Takeo Shimotori was born in Niigata-ken, Japan, on April 4, 1904. He was a descendant of the Uesugi-Clan—Uesugi was a very popular samurai warrior in the sixteenth century. Because of a damaging flood, Takeo’s father decided to come to the United States soon after Takeo’s birth. (It was very unusual at the time for a family from Niigata-ken to leave Japan and come to the States.) The family settled in Oakland, California.

When Takeo was six, his father decided to return to Japan and sent Takeo there first to live with family friends. However, his father could not return due to complications m his business. Although Takeo returned to Japan, he did not understand the Japanese language. At the age of thirteen, he moved to Tokyo and lived with his uncle. Later, after attending Waseda Business School for awhile, he returned to the United States when he was nineteen.

Takeo worked as a laundry man with his brother. Although it was hard work, the laundry business was a lucrative one, and he could earn one hundred dollars a month. He and his brother decided to work until they had saved 10,000 dollars. They were about to reach their goal in 1929 with the idea of establishing an “Instant Cleaning Store,” when the Great Depression hit. As a result, they lost everything.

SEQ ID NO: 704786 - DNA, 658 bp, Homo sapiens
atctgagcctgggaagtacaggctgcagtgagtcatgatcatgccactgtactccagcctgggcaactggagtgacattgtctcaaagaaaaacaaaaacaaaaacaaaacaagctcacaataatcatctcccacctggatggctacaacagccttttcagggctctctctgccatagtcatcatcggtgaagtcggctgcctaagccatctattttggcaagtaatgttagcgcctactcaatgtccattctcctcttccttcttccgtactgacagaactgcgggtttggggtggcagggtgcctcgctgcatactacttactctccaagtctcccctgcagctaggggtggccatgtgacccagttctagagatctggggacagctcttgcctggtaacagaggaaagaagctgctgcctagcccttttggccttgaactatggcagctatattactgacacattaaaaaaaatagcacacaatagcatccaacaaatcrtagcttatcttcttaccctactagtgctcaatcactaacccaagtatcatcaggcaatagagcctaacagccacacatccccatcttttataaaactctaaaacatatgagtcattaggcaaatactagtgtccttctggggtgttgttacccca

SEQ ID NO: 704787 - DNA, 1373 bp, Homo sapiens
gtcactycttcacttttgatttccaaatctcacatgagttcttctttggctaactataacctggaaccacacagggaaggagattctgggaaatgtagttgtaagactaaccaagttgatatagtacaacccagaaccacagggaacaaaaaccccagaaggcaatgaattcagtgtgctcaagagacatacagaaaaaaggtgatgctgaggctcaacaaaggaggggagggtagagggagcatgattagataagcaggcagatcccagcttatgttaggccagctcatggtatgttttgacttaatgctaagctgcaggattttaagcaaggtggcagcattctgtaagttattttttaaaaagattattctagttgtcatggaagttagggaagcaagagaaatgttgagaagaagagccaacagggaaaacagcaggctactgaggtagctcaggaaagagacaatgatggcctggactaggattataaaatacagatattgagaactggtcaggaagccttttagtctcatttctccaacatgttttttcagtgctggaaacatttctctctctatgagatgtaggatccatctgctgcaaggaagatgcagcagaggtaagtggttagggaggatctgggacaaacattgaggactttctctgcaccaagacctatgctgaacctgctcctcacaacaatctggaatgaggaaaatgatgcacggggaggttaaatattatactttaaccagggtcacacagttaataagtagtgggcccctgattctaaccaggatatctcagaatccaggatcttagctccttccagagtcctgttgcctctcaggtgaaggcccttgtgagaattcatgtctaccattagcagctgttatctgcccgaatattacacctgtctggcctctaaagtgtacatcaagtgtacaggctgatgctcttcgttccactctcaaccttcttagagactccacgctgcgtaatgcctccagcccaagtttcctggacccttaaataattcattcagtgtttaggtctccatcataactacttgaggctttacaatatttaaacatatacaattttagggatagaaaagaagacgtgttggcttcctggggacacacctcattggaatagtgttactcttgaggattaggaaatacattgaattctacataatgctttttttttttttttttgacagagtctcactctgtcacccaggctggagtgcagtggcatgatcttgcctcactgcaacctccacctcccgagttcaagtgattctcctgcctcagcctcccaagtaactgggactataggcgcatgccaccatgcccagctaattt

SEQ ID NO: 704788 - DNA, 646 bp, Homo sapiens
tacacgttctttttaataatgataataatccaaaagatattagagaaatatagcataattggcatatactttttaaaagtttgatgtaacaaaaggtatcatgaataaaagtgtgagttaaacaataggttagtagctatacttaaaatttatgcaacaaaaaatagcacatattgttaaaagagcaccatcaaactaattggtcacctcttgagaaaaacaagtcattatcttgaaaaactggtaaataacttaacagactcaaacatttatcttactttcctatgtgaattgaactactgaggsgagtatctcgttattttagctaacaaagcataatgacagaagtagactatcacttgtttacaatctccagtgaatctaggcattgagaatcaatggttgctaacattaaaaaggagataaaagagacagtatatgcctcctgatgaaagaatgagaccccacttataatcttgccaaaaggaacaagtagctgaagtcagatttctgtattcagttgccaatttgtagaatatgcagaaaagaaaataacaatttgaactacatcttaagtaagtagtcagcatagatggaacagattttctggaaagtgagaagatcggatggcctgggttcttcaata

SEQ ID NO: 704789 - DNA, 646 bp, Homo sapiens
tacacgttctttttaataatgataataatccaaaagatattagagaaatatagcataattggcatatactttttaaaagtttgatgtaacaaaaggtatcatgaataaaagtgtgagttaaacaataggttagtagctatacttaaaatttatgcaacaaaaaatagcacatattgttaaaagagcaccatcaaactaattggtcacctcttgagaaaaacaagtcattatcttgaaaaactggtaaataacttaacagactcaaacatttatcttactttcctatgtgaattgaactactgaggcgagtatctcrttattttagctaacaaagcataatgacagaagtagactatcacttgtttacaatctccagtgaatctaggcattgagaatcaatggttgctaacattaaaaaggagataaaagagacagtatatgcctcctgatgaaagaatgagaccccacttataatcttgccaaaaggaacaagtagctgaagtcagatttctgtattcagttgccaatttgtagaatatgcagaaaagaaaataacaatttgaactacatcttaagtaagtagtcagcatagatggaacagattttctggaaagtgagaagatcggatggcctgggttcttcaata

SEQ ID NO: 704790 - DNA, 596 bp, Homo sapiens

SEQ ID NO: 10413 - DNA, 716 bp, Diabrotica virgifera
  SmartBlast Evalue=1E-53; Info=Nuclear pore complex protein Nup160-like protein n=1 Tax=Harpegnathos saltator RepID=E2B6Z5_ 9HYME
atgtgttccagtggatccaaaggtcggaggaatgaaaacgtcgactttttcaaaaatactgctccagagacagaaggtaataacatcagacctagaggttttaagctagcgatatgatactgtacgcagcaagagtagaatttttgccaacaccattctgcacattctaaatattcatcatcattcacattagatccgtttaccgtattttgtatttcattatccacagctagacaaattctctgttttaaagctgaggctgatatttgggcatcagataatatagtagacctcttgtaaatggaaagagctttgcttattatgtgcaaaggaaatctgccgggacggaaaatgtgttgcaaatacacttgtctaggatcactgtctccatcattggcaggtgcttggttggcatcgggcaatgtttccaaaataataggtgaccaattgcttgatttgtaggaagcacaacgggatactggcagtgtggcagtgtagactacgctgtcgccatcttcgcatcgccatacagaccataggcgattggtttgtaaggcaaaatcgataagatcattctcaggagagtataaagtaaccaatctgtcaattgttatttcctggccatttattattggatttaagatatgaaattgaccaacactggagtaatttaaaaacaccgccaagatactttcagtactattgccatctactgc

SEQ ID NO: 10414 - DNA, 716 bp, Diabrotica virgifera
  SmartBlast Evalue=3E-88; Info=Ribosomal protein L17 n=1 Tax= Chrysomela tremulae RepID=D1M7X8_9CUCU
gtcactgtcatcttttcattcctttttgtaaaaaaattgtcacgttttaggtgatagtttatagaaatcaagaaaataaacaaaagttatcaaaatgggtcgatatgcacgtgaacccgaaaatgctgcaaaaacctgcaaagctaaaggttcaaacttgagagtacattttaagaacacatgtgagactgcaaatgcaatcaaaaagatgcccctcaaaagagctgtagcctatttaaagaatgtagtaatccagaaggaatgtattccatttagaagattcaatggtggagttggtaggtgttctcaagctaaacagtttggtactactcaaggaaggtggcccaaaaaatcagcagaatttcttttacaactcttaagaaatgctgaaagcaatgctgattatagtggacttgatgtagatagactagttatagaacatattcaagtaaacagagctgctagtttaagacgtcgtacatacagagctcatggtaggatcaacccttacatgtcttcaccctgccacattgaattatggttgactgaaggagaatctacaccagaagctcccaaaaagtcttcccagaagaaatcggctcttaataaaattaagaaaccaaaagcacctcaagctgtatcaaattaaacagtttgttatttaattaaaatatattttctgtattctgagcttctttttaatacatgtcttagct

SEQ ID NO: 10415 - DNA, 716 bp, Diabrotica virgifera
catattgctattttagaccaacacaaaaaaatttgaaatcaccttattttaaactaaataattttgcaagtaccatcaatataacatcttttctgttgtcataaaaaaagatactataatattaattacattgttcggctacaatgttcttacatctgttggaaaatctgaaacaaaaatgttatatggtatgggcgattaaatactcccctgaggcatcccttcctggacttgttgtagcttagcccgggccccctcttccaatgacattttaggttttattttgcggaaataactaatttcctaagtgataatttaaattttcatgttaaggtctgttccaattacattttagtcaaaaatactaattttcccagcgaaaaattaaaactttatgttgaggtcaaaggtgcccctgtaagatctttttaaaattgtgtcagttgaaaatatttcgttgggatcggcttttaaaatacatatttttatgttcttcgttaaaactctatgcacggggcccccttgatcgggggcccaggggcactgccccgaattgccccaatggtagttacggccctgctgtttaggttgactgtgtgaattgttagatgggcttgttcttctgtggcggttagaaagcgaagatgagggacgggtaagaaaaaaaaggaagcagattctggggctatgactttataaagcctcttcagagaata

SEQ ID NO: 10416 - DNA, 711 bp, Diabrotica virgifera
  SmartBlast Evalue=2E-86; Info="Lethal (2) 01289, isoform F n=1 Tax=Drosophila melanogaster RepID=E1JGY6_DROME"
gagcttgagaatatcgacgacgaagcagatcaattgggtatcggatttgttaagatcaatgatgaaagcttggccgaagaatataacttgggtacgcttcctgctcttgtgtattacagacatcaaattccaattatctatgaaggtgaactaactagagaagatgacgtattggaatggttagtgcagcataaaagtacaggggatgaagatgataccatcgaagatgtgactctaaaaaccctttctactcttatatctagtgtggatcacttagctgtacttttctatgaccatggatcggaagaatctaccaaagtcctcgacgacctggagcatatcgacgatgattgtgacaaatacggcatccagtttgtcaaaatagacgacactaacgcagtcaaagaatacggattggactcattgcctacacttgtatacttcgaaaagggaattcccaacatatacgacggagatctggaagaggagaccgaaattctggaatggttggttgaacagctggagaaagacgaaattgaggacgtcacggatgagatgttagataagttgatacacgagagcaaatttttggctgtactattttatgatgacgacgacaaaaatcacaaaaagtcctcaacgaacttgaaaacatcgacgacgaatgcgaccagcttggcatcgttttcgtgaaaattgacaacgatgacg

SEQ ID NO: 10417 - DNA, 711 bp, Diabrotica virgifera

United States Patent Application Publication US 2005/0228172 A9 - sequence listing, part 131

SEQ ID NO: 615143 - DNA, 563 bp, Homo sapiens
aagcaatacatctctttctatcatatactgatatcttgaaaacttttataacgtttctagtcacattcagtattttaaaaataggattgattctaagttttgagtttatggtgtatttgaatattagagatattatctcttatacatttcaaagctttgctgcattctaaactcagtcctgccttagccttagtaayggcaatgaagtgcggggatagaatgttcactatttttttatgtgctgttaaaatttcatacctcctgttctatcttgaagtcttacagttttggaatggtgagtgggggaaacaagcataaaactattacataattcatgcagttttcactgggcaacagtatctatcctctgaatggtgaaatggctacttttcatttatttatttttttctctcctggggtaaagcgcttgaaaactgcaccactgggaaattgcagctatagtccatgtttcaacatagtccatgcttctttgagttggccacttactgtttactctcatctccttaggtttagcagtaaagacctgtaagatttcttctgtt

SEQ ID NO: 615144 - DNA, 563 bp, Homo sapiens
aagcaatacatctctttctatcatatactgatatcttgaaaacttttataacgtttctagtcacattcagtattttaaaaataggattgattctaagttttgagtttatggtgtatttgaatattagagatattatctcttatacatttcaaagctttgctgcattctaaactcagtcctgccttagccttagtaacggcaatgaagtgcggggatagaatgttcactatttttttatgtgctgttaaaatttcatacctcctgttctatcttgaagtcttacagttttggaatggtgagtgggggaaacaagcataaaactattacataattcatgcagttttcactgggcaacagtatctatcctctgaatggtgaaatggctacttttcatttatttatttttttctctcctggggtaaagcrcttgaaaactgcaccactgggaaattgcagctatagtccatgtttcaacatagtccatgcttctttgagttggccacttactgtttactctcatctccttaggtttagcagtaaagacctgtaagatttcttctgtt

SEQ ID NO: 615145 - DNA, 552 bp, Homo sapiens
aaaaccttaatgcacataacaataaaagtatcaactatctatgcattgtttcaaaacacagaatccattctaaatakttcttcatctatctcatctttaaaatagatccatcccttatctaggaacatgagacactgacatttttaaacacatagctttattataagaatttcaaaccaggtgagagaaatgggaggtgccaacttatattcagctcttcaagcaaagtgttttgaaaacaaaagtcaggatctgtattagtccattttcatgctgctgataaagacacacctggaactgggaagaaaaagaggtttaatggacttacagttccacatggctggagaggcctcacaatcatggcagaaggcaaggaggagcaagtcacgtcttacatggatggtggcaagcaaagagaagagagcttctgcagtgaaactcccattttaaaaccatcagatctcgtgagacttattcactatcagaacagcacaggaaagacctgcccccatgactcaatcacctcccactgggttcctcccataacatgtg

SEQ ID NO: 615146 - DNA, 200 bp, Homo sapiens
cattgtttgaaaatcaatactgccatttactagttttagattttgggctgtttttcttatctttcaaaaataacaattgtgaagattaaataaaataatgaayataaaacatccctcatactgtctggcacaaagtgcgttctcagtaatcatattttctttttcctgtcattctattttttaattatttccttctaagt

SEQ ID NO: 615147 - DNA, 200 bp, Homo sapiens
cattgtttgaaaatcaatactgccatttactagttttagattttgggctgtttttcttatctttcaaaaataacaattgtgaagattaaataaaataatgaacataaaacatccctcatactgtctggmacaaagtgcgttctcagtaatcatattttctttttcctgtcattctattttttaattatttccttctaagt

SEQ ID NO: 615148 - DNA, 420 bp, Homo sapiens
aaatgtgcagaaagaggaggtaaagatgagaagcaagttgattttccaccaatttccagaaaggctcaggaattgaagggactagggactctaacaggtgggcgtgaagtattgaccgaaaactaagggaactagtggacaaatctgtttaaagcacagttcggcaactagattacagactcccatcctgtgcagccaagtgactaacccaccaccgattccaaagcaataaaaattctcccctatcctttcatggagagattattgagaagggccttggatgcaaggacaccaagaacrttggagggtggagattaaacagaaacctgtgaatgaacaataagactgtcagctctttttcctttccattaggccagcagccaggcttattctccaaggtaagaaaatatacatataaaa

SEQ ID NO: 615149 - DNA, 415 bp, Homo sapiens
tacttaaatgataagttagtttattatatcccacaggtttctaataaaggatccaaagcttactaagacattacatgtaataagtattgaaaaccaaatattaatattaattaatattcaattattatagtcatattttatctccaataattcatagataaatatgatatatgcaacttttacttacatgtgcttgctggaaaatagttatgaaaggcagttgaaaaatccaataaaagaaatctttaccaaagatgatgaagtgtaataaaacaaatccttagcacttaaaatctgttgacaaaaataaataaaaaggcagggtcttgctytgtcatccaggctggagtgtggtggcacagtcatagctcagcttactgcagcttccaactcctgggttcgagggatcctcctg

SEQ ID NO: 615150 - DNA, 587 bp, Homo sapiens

Instead of becoming depressed over their great loss, Takeo, who had become a Christian during this time, prayed and sought the Lord’s guidance as to what to do. God’s direction was very clear God wanted him to become a minister. This decision so outraged his father that he was ousted from his home. Undismayed, he moved to Los Angeles, graduating from the Huntington Park Training School for Christian Workers at the age of twenty-seven. Soon he was assigned to the Wahiawa Holiness Church. On May 20, 1933, he married Setsuyo Miyamoto. In 1935, Shimotori was ordained at the first Holiness Church of North America General Conference.

Takeo resigned the church due to personal reasons in 1941. During his ministry in Hawaii he had published ten books, mainly on trends in Judaism. He was also a dynamic radio announcer while in Hawaii.

In 1958, he returned to Japan with his second wife, Misao. In 1981, Misao died. Three years later, he decided to go to Argentina which he believed would be his last mission. He arrived in 1984 with his long-time friend, Tatsuko Oshiro. On November 29, 1985, Takeo Shimotori died in Buenos Aires at the age of eighty-one.